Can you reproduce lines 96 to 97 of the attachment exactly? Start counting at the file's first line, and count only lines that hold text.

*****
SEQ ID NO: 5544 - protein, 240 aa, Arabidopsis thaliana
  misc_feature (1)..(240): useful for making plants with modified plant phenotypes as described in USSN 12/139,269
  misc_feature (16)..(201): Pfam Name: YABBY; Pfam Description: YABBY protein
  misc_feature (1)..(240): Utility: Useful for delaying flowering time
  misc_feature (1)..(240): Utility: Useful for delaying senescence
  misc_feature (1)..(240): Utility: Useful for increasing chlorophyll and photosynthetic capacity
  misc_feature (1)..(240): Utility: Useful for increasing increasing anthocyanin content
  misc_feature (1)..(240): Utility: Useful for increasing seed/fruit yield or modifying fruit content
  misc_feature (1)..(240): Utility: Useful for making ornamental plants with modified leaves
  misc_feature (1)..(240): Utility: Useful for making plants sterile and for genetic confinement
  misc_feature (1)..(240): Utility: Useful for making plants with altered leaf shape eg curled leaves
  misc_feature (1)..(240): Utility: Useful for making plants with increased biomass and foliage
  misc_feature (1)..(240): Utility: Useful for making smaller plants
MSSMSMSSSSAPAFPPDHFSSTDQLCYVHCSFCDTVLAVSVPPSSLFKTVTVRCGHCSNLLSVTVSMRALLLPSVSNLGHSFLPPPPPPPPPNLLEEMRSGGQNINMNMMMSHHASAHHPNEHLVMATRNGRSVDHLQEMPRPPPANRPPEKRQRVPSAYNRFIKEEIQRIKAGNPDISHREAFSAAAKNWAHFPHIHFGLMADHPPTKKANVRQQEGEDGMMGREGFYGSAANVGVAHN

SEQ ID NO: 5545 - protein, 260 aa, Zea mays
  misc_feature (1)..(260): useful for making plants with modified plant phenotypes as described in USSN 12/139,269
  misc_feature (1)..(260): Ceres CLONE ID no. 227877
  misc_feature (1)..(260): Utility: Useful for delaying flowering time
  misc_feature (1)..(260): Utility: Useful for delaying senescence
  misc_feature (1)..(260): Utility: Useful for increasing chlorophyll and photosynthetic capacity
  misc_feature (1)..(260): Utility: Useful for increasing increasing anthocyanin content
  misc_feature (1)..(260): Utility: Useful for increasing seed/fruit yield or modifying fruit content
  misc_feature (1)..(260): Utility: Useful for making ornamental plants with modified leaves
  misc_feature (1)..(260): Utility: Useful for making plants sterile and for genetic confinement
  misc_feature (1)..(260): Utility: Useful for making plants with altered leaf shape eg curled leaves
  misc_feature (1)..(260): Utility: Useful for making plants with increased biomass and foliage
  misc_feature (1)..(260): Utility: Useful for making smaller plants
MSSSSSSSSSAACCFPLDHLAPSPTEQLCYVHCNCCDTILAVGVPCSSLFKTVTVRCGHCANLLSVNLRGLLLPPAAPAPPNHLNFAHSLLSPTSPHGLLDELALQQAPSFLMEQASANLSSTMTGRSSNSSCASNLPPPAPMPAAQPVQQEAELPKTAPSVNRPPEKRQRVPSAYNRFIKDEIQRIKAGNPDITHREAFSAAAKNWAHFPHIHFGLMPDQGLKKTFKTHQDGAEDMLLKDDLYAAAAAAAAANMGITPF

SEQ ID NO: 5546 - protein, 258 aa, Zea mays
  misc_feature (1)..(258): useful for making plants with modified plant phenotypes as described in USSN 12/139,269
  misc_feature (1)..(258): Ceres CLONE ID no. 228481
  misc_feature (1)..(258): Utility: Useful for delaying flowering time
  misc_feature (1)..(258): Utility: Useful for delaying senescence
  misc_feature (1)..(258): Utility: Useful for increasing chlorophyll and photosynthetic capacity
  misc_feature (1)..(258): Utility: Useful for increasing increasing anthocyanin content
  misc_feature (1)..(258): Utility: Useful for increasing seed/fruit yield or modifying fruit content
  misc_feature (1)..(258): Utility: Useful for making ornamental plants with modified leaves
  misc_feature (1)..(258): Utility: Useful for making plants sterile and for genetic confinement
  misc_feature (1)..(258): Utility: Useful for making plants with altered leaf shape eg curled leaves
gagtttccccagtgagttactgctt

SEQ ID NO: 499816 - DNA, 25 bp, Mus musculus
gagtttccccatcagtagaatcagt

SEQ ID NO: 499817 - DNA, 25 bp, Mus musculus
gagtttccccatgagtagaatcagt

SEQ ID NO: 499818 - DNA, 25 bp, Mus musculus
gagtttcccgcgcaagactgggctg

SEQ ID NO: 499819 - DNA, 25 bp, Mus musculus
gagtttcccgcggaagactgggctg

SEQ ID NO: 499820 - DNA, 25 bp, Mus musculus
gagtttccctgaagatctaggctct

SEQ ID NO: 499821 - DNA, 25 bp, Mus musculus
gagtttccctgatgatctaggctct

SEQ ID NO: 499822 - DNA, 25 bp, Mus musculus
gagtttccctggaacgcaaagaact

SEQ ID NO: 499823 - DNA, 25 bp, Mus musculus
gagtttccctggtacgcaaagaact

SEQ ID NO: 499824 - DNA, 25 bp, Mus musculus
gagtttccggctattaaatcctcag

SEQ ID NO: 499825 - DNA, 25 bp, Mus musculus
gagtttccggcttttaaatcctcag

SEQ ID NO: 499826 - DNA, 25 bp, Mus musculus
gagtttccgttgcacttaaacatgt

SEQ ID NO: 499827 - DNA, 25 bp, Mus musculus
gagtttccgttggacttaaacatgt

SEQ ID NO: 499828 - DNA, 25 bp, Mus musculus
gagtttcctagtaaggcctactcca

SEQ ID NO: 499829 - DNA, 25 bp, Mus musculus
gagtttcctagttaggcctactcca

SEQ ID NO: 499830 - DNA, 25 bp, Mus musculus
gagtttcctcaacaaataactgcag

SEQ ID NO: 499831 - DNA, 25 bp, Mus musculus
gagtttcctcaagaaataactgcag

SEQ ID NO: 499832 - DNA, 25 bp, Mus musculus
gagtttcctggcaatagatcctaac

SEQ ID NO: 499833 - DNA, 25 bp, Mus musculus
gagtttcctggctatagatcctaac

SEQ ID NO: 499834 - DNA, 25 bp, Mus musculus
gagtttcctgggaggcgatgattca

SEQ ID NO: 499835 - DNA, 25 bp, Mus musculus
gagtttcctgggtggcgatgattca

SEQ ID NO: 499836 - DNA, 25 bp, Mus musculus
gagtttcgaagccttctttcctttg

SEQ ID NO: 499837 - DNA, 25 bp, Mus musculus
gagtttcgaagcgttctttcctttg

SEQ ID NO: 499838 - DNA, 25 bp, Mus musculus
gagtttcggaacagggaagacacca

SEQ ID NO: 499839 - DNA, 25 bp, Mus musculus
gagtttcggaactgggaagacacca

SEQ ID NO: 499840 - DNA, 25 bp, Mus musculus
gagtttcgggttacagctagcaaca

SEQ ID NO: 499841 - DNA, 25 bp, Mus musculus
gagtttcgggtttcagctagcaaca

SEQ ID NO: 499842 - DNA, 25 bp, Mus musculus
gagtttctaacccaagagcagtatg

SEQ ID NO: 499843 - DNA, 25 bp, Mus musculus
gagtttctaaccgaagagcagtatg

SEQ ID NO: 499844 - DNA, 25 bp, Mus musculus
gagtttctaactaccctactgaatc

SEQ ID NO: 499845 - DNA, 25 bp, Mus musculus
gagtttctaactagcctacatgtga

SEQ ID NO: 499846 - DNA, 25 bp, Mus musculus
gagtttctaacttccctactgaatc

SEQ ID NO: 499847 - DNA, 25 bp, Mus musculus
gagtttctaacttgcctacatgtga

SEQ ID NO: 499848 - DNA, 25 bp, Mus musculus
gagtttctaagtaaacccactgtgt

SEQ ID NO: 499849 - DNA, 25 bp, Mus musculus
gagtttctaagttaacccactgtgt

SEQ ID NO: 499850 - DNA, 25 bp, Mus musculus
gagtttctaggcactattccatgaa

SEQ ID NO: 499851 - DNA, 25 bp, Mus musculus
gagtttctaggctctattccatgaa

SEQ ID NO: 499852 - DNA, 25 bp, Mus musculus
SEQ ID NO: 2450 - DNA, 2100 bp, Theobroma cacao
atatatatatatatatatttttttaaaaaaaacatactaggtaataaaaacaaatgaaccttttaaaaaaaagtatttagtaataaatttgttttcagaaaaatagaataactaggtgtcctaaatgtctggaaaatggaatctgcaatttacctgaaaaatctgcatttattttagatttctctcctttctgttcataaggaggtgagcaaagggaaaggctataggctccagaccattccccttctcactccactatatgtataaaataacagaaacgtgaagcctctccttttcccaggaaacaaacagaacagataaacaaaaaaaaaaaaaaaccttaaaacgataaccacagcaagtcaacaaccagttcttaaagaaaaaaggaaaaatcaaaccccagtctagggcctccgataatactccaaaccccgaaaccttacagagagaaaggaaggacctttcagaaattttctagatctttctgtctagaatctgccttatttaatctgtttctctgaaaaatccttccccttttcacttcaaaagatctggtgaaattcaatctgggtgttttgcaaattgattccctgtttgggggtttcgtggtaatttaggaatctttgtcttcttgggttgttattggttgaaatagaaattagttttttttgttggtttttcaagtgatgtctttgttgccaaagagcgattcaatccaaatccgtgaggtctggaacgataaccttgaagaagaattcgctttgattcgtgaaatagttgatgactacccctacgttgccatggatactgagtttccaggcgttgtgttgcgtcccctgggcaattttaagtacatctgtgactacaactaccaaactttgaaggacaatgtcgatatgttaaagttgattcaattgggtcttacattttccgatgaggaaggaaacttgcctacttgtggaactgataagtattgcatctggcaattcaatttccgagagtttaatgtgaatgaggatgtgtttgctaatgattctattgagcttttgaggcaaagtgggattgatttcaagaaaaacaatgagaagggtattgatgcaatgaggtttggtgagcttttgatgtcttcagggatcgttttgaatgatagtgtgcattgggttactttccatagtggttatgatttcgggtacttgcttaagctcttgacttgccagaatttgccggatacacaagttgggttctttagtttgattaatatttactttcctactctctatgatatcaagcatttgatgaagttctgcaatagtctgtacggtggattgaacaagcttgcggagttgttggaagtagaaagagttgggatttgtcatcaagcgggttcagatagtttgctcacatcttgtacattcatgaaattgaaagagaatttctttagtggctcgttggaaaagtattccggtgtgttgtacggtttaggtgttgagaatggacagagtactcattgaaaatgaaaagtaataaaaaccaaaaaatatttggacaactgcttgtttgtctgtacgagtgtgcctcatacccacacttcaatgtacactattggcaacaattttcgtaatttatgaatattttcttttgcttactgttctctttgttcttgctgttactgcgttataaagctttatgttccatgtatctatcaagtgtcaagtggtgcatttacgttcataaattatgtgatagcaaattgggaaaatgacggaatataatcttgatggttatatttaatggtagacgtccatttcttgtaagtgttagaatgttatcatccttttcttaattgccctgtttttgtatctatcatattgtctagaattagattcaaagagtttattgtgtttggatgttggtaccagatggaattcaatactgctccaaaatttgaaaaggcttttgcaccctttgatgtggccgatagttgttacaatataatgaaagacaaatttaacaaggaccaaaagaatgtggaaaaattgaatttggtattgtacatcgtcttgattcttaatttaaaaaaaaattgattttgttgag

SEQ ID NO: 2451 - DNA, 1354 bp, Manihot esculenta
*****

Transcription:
gagtttctaaccgaagagcagtatg

SEQ ID NO: 499844 - DNA, 25 bp, Mus musculus